Iran practices strict rules on sex and relationships. Porn sites and Facebook are blocked and you’re advised not to show too much affection in public, let alone kiss your lover in the streets of Tehran.
However, a website that promotes temporary marriage, accepted in the Shia Islam but frowned upon by many Iranians, has gained more than 22,000 members since it was set up less than five months ago. Hafezoon, with a homepage presented in a remarkably similar style and colour to Facebook, has fewer than 1,000 female members, while the rest are men. Only a very small number of them use profile pictures.
The site is essentially a matchmaking service that gives users a platform to meet and then marry for a fixed period of time. While it is free to sign up, fully-fledged members must pay to send messages to each other or see and display contact details. One month’s membership costs 50,000 rials (about three euros) and an annual subscription sets users back 120,000 rials (around seven euros).
In its ‘About us’ section, the site’s creators say they want to unite men and women for whom, for financial or other reasons, permanent marriage is not practical. It allows these people, the site claims, to enter into a relationship according to the Sharia instead of forming illicit street friendships or worse, being drawn into promiscuity.
When registering for Hafezoon, members are asked to provide their height, weight, marital status, skin colour, ethnicity, religion, and education. They are also required to rate their degree of “beauty” and “handsomeness” on a scale of 1 to 5. Married people are not allowed to join and the site doesn’t permit “man-seeking-man” or “woman-seeking-woman.”
“The website is a virtual community and its managers do not introduce anyone for temporary marriage,” according to an e-mail from the site’s support staff in response to questions. There are other websites active in the field, but Hafezoon has attracted attention because it offers “a new quality of service”, the e-mail said.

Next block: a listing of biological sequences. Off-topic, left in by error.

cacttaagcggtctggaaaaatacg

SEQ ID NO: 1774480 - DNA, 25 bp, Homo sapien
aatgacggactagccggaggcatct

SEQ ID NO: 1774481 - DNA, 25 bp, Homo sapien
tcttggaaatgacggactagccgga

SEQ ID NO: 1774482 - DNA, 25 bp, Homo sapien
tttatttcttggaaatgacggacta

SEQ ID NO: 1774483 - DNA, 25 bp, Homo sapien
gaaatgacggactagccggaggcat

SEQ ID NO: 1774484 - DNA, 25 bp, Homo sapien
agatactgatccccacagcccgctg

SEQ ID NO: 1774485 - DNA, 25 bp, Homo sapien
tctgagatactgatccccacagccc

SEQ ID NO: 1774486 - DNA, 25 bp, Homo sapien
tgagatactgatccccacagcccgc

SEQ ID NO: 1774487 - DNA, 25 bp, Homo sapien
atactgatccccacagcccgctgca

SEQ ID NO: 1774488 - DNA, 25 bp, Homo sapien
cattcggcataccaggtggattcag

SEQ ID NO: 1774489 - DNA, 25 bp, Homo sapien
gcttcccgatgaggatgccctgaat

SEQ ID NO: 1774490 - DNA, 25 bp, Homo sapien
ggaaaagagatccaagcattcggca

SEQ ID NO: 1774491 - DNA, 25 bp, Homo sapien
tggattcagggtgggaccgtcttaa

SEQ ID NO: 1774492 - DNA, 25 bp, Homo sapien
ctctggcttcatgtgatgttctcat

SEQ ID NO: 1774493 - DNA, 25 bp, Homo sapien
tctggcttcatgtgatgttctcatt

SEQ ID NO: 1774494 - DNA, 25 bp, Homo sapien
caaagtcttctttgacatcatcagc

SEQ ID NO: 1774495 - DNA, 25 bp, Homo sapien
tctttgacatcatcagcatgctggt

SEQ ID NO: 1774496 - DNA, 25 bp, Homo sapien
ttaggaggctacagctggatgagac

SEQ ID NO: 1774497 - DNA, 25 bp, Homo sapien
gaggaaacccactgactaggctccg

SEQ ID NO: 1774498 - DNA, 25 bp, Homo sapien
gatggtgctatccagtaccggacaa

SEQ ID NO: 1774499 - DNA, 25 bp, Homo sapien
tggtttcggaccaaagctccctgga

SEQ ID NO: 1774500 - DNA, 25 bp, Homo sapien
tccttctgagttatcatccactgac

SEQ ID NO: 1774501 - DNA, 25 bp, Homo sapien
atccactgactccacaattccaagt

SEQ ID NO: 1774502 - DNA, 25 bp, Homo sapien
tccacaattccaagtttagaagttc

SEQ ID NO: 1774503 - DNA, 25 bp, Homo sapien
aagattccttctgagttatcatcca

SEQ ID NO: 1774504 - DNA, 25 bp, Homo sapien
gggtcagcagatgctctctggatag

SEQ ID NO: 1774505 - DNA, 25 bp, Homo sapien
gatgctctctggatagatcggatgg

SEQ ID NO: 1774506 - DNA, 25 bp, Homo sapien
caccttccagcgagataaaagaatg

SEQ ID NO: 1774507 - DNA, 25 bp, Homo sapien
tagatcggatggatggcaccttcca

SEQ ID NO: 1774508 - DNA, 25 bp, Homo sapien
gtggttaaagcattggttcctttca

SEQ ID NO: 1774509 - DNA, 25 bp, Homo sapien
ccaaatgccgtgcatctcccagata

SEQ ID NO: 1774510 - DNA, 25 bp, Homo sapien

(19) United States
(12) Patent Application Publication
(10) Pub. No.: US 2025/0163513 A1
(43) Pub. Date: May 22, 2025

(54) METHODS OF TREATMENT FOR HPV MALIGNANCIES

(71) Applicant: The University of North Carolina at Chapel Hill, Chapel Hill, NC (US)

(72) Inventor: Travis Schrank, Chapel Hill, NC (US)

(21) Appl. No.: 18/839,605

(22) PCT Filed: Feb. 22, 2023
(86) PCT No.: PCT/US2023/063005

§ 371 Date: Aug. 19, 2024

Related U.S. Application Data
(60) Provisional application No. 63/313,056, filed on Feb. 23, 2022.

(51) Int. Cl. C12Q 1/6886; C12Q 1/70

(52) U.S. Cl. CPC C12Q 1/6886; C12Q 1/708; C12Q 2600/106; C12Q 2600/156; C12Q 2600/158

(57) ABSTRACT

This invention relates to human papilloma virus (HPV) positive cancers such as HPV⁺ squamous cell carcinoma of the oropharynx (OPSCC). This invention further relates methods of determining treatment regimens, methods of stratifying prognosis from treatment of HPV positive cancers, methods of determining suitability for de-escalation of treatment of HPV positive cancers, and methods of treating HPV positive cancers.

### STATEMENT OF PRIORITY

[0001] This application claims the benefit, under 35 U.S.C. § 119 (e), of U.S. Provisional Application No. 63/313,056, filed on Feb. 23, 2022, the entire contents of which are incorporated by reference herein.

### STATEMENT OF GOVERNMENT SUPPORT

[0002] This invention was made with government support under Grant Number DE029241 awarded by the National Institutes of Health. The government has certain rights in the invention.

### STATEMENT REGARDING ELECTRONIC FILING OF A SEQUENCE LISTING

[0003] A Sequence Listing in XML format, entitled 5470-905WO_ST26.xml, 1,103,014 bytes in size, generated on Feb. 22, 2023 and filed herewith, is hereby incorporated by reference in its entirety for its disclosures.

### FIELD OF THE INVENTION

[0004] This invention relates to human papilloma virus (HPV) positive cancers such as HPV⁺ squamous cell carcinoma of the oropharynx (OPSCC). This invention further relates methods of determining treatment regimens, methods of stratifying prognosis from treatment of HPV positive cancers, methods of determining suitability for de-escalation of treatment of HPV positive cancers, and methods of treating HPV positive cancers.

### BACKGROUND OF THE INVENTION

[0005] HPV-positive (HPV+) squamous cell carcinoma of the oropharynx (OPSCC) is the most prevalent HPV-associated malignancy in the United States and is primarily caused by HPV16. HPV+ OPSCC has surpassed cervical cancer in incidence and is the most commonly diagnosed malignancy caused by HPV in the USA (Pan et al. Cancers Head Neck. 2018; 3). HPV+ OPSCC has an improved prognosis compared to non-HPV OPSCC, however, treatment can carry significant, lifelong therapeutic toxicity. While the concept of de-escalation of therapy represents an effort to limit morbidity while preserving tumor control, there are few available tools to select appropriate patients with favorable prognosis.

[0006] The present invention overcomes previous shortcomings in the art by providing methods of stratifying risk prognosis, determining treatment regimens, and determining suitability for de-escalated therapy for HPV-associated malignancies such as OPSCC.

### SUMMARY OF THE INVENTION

Hafezoon is an Arabic word that means ‘those who protect or guard.’ The site’s homepage displays a line from the Koran that translates as “and those who guard their chastity except from their wives.” One page presents the Ayatollahs’ advice on temporary marriage, while another is a price list for various types of membership and how the payment process works.
The owners of the website have tried the State Welfare Organization and the National Organization of the Youth to apply for permits, but were told that such permits did not exist, according to the e-mail. No postal address or phone number is given for the site’s offices. A request for a phone number or an interview with one of the managers was declined.
An official at the National Organization of the Youth said her office has been working on establishing bureaus that offer marriage counselling as well as matchmaking services. She spoke on condition of anonymity. There’s no mention of temporary marriages in the proposals, she added.
euronews correspondent in London